Speechless. It was an Aida that, in line with expectations, hit the nail on the head. A brand new production of a great opera classic, futuristic but faithful to the original libretto. It’s the performance chosen to celebrate the 100th anniversary of the Arena Festival. An event that raised the adrenaline not only because of the anticipation of such an important milestone, but also because of the cloud that, at the moment of the “gong”, held all 14.000 people present and millions of television viewers around the world in suspense. Then the weather cleared, a magic that can only be experienced in the Arena di Verona, which over the years has always refused to be covered.
On the futuristic screen, star Anna Netrebko (Aida), flanked by tenor Yusif Eyvazov (Radamès), with the Fondazione Arena Orchestra conducted by Marco Armiliato, 160 musicians and as many choristers. Also on stage was the ‘army’ of extras, 160 men and 45 women in all. In total, more than 500 people were involved. Verdi’s masterpiece was directed by Stefano Poda, making his Arena debut, who also signed the sets, costumes, lighting and choreography. An almost impossible challenge to surpass Franco Zeffirelli’s signature.
A spectacular set of lasers, reflections on a giant metal hand, ruins of Greek columns and simulacra of spaceships. And the famous ‘Triumphal March‘ becomes a ballet, the costumes reflect the rays of the transparent floor, the Ethiopian prisoners emerge from the background like zombies.
The Arena Festival for its “first 100 years” was also broadcast live on Rai1 (the main channel of the Italian public television). The show was presented by Milly Carlucci (one of the most famous faces of Italian show business), with the participation of Alberto Angela (the leading scientific journalist of Italian television) and actor Luca Zingaretti. Also broadcast live was the always spectacular double flyover performed by the Frecce Tricolori (the famous aerobatic team of the Italian Air Force) , while the choir, dressed in tricolour capes, sang the ‘Canto degli Italiani‘, also known as the ‘Inno di Mameli’ (the national anthem of the Republic). The extraordinary patron of the evening was the actress Sophia Loren, who was greeted with a standing ovation as she entered the stalls. Only 70 years ago, Loren herself had donned the costumes of Aida.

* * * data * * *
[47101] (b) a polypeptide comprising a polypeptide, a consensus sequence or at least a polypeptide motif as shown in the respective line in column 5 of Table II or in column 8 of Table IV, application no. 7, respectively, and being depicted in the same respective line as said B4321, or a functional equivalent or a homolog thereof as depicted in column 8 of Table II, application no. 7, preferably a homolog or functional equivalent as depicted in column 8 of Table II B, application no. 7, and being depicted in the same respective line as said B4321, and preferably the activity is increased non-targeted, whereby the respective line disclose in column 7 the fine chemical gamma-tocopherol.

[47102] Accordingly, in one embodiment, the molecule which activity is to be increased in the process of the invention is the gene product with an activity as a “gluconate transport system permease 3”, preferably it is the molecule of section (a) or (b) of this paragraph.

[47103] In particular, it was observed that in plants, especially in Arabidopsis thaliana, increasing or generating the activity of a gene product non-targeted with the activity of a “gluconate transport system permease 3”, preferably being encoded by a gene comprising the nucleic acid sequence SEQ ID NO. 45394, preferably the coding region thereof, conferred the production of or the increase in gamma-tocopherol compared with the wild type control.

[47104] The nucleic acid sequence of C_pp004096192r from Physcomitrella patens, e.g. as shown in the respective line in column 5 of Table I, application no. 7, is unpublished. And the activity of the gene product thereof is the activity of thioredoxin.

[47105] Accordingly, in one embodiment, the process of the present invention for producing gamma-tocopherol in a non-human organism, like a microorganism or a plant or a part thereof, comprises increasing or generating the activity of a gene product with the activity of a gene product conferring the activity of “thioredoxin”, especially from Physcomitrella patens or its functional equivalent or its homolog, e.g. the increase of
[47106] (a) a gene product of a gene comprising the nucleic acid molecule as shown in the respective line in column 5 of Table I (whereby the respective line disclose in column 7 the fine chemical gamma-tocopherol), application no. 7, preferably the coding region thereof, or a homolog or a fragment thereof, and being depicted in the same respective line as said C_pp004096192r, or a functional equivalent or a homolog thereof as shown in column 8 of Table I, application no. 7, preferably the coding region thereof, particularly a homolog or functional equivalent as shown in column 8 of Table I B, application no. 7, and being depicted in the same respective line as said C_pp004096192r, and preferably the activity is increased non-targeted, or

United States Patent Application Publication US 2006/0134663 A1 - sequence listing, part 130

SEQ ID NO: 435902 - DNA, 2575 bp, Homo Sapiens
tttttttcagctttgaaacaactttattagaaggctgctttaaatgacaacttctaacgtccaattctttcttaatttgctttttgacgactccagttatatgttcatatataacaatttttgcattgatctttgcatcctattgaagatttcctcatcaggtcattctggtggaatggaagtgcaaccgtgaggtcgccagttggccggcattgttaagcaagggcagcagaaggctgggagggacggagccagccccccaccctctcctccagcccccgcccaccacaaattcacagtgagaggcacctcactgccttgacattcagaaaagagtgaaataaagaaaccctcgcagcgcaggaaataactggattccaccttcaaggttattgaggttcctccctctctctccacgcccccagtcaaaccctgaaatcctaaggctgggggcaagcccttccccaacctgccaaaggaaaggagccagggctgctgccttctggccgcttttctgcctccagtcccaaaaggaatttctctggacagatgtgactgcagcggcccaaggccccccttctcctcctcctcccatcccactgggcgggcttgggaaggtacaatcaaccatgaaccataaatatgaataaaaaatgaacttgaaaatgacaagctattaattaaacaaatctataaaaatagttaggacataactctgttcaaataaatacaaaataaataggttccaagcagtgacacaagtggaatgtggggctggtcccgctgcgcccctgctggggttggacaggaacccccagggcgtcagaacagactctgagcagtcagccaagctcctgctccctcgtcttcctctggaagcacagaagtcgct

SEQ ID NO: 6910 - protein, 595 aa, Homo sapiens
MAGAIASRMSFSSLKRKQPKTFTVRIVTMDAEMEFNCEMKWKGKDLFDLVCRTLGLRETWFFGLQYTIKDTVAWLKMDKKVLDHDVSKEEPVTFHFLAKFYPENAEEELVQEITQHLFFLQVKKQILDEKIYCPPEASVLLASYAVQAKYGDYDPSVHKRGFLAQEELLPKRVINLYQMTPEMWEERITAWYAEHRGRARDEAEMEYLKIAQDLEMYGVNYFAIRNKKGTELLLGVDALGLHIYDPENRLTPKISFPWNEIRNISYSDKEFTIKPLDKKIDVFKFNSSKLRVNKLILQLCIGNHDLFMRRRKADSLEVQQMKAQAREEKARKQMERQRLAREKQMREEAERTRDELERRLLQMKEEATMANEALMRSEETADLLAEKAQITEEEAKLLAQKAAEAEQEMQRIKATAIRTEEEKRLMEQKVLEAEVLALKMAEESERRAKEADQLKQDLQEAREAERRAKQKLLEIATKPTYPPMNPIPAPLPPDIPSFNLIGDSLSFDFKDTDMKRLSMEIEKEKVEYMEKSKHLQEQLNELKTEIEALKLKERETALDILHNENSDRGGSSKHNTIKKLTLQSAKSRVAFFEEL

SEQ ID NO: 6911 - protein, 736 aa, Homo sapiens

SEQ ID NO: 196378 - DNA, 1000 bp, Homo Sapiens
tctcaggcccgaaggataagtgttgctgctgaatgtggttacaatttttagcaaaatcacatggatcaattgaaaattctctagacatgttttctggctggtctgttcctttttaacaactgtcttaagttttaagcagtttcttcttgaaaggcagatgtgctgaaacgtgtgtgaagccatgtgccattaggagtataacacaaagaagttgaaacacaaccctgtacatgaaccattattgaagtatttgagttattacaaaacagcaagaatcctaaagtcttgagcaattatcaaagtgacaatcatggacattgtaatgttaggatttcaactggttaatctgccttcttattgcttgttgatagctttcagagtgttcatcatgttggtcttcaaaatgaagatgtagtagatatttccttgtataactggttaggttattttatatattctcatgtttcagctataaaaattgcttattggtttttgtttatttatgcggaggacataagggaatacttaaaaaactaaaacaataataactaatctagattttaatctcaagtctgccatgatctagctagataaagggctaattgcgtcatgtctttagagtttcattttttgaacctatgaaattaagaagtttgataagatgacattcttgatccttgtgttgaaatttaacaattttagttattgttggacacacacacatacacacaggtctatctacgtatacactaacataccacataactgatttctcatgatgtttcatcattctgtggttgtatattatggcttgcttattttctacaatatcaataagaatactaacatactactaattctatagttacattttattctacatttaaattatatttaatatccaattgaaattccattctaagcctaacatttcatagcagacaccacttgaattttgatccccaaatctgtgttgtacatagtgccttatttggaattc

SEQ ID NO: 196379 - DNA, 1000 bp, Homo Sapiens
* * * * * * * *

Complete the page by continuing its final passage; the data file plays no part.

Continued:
The entire city of Verona enjoyed the evening, with a red carpet in Piazza Bra for guests from the world of entertainment, politics and business, including American actor Matt Dillon. A premiere that also took place “outside” the amphitheatre, thanks to four maxi-screens set up by the Municipality in as many districts of Verona. A great celebration for the whole city.